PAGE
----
March 05, 2002
'You Take That Back!'

Thanks to Bjørn Stærk for the link to my previous post. That seems to have tripled my hits just for Monday. I will soon see what the later Instapundit link and Samizdata permalink have done to my numbers -- and to this month's Earthlink bill. They don't seem to have crashed my site, which is a good sign.

By the way, if many Americans have trouble with the Ø and the Æ in Bjørn's names, that's not entirely cultural insensitivity and intellectual arrogance on our part. As far as I know, English is the only European language that has no special accented characters, just the Latin alphabet with a few basic late-Latin additions (J, V, and W). No need for Ô or Ñ or Å in English, thank God. Or for Ð and Þ (eth and thorn) any time in the last several hundred years, for that matter.

However, I must respectfully disagree with Bjørn's comments, which I quote here not such much from vanity as because I don't know any other easy and convenient way to preserve them securely in my own archives to make sense of my reply. He writes:

Dear God! Why the blogosphere is like the Borg Collective. (Dr. Weevil obviously belongs to the Borg is Good camp of trekkies - yes, they do exist.)

For better or worse, I hardly qualify as a Trekkie. Yes, I've seen every episode of Star Trex: Next Generation more than once, except for the early one where they visit 'Primitive African Tribesmen in Lionskins' planet. (I've seen the first five minutes of that one several times, but have never been able to look any further.) However, that was not entirely by choice. Living in Tuscaloosa for seven years without Cable TV inevitably gave me more than the doctor-recommended maximum of STNG and In the Heat of the Night reruns. (There was one year when whoever was in charge of scheduling STNG reruns must have been drinking on the job: they would show the second half of a two-parter without the first, then show it again three nights later. Just grab one off the shelf, slap it in the machine, and pour another glass, I guess.) And I've seen a lot of episodes of the other Star Treks, though far from all of them. And I will never attend a Star Trek convention, start a Star Trek site, wear a Star Trek uniform or Klingon suit, or do any of the other things true Trekkies do.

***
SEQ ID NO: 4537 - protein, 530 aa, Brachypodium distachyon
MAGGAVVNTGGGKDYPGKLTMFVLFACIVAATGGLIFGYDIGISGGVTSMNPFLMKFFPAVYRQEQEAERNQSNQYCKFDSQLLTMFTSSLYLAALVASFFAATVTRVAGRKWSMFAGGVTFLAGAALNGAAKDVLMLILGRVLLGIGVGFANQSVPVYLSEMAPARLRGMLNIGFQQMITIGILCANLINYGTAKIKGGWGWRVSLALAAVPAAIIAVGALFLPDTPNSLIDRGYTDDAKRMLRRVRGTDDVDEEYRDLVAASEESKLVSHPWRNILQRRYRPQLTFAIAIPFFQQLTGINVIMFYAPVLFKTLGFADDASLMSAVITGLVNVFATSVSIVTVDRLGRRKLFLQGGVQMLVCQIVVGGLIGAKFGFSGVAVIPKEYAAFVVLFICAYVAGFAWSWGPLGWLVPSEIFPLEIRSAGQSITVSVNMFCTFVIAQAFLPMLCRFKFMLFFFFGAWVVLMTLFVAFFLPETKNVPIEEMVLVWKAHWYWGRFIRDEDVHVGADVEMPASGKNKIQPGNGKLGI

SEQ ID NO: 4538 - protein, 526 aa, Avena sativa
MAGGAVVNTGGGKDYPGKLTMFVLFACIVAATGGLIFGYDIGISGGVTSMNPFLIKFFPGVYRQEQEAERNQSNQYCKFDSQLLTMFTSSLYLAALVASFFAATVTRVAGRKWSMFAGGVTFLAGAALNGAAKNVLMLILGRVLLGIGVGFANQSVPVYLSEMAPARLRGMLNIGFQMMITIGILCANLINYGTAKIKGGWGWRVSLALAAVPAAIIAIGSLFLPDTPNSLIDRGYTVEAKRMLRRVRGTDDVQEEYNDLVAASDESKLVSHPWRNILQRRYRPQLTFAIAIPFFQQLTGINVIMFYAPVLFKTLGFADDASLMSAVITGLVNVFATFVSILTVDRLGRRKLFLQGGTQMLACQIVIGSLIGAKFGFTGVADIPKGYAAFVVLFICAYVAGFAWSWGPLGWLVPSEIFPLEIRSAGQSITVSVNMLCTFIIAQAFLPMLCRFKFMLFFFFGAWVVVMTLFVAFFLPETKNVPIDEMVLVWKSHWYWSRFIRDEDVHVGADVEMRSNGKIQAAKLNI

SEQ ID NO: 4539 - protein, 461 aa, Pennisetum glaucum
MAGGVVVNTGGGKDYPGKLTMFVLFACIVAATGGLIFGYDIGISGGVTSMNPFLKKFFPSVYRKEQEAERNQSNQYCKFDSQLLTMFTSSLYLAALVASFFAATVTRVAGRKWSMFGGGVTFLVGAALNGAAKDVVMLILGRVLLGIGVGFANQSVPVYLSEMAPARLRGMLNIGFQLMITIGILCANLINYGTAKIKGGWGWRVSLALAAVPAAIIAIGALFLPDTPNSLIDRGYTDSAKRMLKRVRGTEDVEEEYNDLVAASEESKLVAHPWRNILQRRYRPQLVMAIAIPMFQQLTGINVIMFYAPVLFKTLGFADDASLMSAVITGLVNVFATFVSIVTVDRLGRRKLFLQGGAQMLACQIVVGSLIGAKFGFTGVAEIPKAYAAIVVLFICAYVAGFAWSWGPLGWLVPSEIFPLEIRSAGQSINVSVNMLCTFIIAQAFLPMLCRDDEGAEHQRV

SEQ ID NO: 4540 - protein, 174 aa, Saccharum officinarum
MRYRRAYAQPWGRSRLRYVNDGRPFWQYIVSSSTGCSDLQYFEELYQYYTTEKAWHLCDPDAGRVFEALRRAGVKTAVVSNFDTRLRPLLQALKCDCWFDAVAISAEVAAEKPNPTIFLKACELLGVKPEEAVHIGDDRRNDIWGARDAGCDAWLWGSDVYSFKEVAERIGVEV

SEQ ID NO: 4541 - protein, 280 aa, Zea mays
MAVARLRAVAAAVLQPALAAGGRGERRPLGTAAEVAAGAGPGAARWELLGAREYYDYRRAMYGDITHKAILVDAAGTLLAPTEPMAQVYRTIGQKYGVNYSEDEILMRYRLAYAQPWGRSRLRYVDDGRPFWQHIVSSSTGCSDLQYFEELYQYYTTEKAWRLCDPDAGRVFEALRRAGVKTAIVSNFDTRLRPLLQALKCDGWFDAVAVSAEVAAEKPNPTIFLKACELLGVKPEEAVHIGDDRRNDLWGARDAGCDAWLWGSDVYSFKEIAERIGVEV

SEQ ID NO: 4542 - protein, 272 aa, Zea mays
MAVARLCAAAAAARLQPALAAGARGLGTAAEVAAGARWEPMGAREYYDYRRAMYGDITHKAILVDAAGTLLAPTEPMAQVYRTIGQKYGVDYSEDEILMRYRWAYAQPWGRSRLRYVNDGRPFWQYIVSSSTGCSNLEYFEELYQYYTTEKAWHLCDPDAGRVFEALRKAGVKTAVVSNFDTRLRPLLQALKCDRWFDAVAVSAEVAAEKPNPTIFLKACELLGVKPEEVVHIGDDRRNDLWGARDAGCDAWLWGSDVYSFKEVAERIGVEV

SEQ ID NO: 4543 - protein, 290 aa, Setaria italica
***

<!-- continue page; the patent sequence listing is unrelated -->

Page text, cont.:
In fact, none of the various Star Treks makes my top-ten list of favorite TV shows, though I do think that the various series come up with some powerful myths or symbols or archetypes that any literate westerner would and should be familiar with. Most of these involve creatures who are either hyperrational, or created (and know it), or both: Mr. Spock, the holographic doctor, Cmdr. Data and his evil brother. But the Borg are up there, too. One reason for my post was to tease Libertarian friends and bloggers by pointing out the many superficial similarities between Blogworld and the ultimate soul-crushing collective monolith.

Now that I've mentioned a top-ten list, I guess I'd better come up with one. Here goes.

Shows I never tire of:

  1. Frasier -- My header is quoted from it. Less Niles-and-Daphne, more Bulldog, Lilith, and Bebe would be nice.
  2. Beavis & Butt-Head -- We need the complete oeuvre on DVD, with the music review inserts, and we need it now! (They only discuss two songs that I have ever bought, or considered buying, but that's OK. I'd like to see what they would say about some Dwight Yoakam and Highway 101 videos, but I suppose now we'll never know.)
  3. The Simpsons -- What can I say? You knew this would be on the list.
  4. Duckman -- Shouldn't four years in the 'Great Books' course at St. John's College and a later career as a Latin teacher have saved me from liking this sort of thing? Or is Duckman the most Aristophanic show ever made, as a Canadian classics professor once told me?

Worth seeing more than once, but only if enough time has passed to half-way forget them (too bad I don't know enough HTML to renumber them 5-8):

  1. Daria -- And that was before I started teaching high school.
  2. Malcolm in the Middle -- And I don't even have any kids, though I do have six nephews and no nieces (pure chance, not ancient Greek methods of family planning, which were pretty much the same as Peter Singer's).
  3. News Radio.
  4. Red Dwarf.

Shows I always look forward to seeing, but seldom want to see again:

  1. Just Shoot Me. Not that great a show, but for some reason I like it
  2. Ally McBeal.

I have the feeling that I may be forgetting something important, but that should do for now. I do often watch Sci-Fi and read detective stories (mostly John Dickson Carr, Carter Dickson, and Kinky Friedman), but never the other way around. And I was unaware that anyone had ever suggested that the Borg could be any kind of heroes. They're kidding, right? I certainly was.

Posted by Dr. Weevil at March 05, 2002 10:00 PM